NEWS
February 13, 2012
Album of the year "21," Adele Record of the Year "Rolling in the Deep," Adele Rock Song "Walk," Foo Fighters Rap Album My Beautiful Dark Twisted Fantasy, Kanye West Complete list, A8.  
ENTERTAINMENT
September 20, 2001 | By TOM DI NARDO For the Daily News
Guitarist Sharon Isbin has made the big time, with a new Teldec CD of two commissioned pieces and a Grammy on her mantel. Nabbing the "best instrumental soloist performance without orchestra" award at last February's ceremony, she became the first woman guitarist ever to receive the award and the first on her instrument in 28 years. It's a real coup for the innovative Orchestra 2001 to land Isbin as a guest artist. Since its founding in 1988, when 2001 evoked space passage and enigmatic monoliths, the ensemble under James Freeman has flourished in the new-music climate while forging unique links on Russian tours.
NEWS
February 20, 1998 | by Tonya Pendleton, Daily News Staff Writer
In 1996, R&B singer D'Angelo was nominated for three Grammys and three Soul Train Music Awards. He went home empty-handed from the Grammys, but won all three Soul Train Awards. That same year, Grammy darling Mariah Carey, nominated for six awards, picked up only one Soul Train nomination. Soul Train has traditionally picked up the slack where Grammy nominations fall off for black artists. It recognizes soul, jazz and gospel artists in 11 categories and gives two annual achievement awards - the Quincy Jones Award for career achievement and the Sammy Davis Jr. Entertainer of the Year Award.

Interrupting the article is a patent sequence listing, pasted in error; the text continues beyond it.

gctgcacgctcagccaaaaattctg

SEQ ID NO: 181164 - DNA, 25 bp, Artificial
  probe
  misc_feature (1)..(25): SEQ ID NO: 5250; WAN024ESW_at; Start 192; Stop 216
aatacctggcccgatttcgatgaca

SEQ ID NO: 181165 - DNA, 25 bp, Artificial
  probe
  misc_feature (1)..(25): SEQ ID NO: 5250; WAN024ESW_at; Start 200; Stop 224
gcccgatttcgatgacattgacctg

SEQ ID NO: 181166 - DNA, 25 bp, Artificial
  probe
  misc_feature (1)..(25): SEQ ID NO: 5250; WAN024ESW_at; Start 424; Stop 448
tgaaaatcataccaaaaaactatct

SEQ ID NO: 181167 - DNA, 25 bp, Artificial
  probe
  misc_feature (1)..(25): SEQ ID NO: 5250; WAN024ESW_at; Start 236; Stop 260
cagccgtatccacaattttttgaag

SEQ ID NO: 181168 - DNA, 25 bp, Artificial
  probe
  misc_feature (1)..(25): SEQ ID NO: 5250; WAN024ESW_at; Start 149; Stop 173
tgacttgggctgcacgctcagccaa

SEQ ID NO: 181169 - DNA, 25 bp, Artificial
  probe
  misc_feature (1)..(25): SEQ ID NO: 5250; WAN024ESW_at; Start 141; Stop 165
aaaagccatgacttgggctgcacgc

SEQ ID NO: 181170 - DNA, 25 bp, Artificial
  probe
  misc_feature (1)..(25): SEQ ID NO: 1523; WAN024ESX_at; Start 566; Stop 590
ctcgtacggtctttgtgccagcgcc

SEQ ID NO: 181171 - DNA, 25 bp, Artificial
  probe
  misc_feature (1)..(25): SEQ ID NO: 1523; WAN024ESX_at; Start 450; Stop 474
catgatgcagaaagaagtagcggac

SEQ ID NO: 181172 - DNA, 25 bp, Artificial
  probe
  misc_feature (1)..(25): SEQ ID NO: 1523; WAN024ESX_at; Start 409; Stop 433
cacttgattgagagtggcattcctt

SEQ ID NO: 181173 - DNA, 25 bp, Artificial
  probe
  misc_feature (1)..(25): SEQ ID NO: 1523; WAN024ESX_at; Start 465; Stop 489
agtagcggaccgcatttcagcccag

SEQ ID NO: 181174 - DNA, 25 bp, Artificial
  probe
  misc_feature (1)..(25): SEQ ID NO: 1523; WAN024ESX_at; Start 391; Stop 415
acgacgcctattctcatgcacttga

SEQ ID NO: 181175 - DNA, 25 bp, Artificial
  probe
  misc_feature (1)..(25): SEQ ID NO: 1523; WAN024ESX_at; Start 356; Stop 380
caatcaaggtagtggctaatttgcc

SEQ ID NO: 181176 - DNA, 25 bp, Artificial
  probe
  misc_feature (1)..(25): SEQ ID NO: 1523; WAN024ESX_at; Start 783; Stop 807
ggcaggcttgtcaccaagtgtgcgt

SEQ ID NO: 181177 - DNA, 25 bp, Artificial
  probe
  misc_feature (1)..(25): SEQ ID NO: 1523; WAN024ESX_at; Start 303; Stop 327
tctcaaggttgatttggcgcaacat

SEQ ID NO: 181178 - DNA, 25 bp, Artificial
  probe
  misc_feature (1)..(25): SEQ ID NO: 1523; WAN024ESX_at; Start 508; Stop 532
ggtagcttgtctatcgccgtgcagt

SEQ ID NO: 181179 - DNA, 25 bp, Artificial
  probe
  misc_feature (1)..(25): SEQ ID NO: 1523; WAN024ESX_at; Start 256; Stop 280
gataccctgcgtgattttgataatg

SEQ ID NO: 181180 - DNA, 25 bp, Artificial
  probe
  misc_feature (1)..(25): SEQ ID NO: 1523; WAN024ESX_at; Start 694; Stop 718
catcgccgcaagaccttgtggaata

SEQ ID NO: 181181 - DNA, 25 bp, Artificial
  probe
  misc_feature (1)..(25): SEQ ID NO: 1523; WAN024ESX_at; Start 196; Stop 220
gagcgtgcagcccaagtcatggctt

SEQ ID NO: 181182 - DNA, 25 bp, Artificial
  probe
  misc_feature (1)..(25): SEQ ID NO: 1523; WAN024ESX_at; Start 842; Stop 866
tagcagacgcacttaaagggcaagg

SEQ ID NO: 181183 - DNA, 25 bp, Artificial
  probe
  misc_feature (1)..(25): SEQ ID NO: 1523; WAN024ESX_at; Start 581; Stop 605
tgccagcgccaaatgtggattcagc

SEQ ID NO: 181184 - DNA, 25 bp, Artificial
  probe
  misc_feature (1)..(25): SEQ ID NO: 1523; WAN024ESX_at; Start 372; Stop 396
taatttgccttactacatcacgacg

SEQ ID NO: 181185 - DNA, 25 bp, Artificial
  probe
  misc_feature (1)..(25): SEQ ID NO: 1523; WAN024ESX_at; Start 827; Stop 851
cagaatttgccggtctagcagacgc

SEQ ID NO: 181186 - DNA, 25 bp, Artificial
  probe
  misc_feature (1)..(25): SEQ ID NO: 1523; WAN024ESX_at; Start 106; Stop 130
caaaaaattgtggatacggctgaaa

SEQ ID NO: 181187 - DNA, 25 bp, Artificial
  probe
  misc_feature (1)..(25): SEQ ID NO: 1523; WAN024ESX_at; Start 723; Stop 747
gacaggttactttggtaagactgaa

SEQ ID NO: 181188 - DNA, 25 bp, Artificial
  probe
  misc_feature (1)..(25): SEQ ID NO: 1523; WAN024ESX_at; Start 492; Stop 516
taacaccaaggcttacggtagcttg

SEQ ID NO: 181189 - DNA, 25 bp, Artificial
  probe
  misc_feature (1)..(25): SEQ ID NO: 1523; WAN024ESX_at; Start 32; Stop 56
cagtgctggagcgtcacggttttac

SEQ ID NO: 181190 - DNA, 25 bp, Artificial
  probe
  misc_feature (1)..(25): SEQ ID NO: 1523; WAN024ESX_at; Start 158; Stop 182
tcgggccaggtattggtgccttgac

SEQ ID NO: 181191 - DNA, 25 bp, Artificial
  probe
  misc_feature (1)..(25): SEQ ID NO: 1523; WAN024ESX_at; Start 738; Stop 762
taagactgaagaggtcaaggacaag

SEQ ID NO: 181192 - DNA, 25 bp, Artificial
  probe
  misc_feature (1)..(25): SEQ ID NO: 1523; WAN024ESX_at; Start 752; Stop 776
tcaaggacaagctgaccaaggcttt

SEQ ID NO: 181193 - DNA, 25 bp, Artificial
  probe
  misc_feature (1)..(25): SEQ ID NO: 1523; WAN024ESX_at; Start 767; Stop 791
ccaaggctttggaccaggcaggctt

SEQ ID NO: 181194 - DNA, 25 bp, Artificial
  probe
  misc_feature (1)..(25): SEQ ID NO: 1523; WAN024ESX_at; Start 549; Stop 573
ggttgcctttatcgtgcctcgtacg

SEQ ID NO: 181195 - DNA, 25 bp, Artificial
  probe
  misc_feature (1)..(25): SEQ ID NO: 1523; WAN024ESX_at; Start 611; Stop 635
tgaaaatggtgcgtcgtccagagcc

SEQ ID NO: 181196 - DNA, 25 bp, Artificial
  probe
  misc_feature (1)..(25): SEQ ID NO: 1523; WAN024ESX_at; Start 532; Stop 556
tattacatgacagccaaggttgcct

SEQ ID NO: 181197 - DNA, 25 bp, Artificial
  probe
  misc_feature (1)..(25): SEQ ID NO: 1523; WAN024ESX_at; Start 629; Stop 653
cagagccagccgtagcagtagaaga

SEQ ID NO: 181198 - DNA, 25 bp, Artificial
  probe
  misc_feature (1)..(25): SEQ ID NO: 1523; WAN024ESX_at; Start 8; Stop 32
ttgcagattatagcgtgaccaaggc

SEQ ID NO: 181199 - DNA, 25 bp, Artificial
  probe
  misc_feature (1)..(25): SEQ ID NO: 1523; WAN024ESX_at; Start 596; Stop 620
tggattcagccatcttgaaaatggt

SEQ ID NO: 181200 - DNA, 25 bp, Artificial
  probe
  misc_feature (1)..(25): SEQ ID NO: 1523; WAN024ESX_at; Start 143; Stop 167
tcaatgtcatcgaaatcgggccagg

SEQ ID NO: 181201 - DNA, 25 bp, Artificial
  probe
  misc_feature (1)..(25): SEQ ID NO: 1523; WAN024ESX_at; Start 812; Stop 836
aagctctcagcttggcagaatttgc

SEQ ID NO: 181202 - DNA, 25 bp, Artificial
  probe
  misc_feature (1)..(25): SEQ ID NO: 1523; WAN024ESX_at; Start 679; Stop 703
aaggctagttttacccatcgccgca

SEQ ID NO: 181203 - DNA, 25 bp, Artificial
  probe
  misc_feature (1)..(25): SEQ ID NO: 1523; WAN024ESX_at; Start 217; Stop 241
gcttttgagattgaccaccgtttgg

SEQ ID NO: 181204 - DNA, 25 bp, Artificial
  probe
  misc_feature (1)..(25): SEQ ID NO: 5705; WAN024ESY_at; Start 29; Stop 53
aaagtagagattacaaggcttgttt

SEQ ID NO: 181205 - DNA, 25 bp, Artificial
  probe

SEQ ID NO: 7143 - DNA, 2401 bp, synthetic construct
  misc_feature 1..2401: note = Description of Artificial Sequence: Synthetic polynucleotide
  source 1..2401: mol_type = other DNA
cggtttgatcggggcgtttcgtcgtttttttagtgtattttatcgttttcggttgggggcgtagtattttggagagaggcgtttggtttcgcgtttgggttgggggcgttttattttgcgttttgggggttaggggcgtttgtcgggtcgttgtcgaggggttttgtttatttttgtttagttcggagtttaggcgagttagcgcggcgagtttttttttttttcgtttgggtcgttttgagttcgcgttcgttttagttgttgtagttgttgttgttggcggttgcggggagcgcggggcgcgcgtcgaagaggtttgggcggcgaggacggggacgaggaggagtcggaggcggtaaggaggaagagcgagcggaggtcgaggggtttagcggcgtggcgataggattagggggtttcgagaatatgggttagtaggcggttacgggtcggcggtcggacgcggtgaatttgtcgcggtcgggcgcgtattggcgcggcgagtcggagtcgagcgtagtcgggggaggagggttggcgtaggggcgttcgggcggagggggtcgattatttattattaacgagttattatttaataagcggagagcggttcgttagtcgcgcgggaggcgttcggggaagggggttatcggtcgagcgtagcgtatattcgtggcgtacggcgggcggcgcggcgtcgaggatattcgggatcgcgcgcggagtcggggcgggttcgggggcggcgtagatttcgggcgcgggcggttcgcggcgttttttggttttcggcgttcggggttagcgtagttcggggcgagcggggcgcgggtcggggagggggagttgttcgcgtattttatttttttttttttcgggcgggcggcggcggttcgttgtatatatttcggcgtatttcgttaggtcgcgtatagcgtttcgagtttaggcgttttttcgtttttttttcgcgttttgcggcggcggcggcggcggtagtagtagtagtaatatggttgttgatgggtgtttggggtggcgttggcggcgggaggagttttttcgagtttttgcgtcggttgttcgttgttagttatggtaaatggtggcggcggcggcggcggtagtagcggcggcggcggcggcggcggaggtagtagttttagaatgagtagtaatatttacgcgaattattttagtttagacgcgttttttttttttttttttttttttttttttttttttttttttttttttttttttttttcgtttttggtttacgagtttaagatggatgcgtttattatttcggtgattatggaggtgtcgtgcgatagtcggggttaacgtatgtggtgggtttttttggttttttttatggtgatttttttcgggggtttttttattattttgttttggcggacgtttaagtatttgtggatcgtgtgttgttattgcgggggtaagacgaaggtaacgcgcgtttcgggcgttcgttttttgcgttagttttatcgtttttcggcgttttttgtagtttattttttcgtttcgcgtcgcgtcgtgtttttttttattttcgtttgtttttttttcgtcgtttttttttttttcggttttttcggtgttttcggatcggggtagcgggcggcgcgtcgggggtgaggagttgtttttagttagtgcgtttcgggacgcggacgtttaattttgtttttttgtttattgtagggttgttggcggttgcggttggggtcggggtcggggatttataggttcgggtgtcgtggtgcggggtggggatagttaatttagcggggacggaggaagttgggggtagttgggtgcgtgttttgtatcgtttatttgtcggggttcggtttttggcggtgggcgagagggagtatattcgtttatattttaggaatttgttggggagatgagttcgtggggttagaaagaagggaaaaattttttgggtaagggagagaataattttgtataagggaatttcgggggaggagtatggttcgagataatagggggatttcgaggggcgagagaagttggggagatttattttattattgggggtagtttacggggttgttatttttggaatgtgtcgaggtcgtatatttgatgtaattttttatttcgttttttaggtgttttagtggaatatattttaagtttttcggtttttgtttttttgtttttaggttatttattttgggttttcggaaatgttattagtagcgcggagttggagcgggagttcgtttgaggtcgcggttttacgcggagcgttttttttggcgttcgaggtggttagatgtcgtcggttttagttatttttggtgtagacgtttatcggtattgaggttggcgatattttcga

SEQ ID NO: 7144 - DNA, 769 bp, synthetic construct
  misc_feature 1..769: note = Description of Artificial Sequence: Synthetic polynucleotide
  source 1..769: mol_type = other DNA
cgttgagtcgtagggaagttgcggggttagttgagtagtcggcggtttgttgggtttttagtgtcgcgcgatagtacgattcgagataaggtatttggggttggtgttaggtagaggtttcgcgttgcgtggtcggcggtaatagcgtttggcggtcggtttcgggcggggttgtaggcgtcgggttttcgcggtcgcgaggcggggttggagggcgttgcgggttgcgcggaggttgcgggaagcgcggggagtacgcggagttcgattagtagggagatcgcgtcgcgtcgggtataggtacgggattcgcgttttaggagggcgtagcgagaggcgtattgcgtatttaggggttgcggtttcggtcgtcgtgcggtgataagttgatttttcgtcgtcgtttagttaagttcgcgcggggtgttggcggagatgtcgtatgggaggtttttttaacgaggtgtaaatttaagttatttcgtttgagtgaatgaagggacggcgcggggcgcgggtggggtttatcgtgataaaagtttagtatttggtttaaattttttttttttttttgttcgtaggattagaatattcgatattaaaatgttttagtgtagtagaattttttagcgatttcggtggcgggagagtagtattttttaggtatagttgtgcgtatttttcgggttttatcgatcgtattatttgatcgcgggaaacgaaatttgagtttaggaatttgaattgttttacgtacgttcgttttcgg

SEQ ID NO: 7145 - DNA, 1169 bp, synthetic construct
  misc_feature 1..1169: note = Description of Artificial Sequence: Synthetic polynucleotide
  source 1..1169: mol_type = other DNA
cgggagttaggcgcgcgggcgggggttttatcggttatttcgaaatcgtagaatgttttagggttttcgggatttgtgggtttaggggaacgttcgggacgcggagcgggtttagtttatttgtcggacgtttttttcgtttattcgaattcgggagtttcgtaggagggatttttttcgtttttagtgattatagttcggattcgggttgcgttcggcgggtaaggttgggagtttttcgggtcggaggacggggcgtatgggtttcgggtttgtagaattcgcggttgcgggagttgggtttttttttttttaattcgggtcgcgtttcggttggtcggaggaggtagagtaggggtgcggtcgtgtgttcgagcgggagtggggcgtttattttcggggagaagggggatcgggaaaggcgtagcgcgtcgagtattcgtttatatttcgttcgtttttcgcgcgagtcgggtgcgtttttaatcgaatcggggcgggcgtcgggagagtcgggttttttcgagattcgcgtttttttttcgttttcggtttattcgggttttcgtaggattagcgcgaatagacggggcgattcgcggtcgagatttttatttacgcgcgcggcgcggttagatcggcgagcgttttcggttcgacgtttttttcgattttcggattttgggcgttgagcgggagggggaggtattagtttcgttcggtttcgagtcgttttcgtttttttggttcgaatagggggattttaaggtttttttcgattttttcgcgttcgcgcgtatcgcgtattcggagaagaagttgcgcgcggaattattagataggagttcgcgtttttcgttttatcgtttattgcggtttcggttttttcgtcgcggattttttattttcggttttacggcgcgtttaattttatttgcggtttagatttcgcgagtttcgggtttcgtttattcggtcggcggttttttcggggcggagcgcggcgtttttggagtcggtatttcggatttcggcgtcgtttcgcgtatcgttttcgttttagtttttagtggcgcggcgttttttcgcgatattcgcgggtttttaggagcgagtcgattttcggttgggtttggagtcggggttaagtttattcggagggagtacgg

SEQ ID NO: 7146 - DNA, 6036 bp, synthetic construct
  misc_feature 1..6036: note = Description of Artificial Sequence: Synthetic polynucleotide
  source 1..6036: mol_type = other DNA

NEWS
March 10, 1988 | By Gloria A. Hoffner, Special to The Inquirer
What started as a way to provide entertainment for his children has led to a Grammy award for Mark Sottnick. Sottnick, 42, who grew up in Secane, won a Grammy award last week for The Elephant's Child, selected as the best children's recording of 1987. "I was teaching at a middle school in Rhode Island, and there was really nothing to play for them (his students) on the VCR, so I started to make videos and then became interested in film," Sottnick said in a telephone interview from his home in Westport, Conn.
ENTERTAINMENT
January 19, 1986 | By Daniel Webster, Inquirer Music Critic
The Grammy Awards are an annual exhibition of the ills of the record industry. The nominations show that commercial impact is the primary consideration and technical gloss is the only other significant criterion in evaluating recordings. Because the American recording industry is aimed single-mindedly at the teenage buyer, the Grammy nominations stress pop recordings, rock, and country music. Music relegated to the "classical" category is actually many kinds of nonrock music, representing four or more centuries of intellectual enterprise.
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NEWS
March 25, 2015 | BY SOLOMON LEACH, Daily News Staff Writer leachs@phillynews.com, 215-854-5903
FYODOR BADKHEN, 17, has been part of Girard Academic Music Program for four years, but he didn't realize he would help the school win a Grammy - sort of. The South Philadelphia magnet school, known as GAMP, was one of 13 schools in the nation chosen by the GRAMMY Foundation for its Signature Schools Award and will receive $5,500. The annual award recognizes the best public high schools in music education. Eight of the 13 schools, including GAMP, received the Enterprise Award grant for schools that are economically underserved.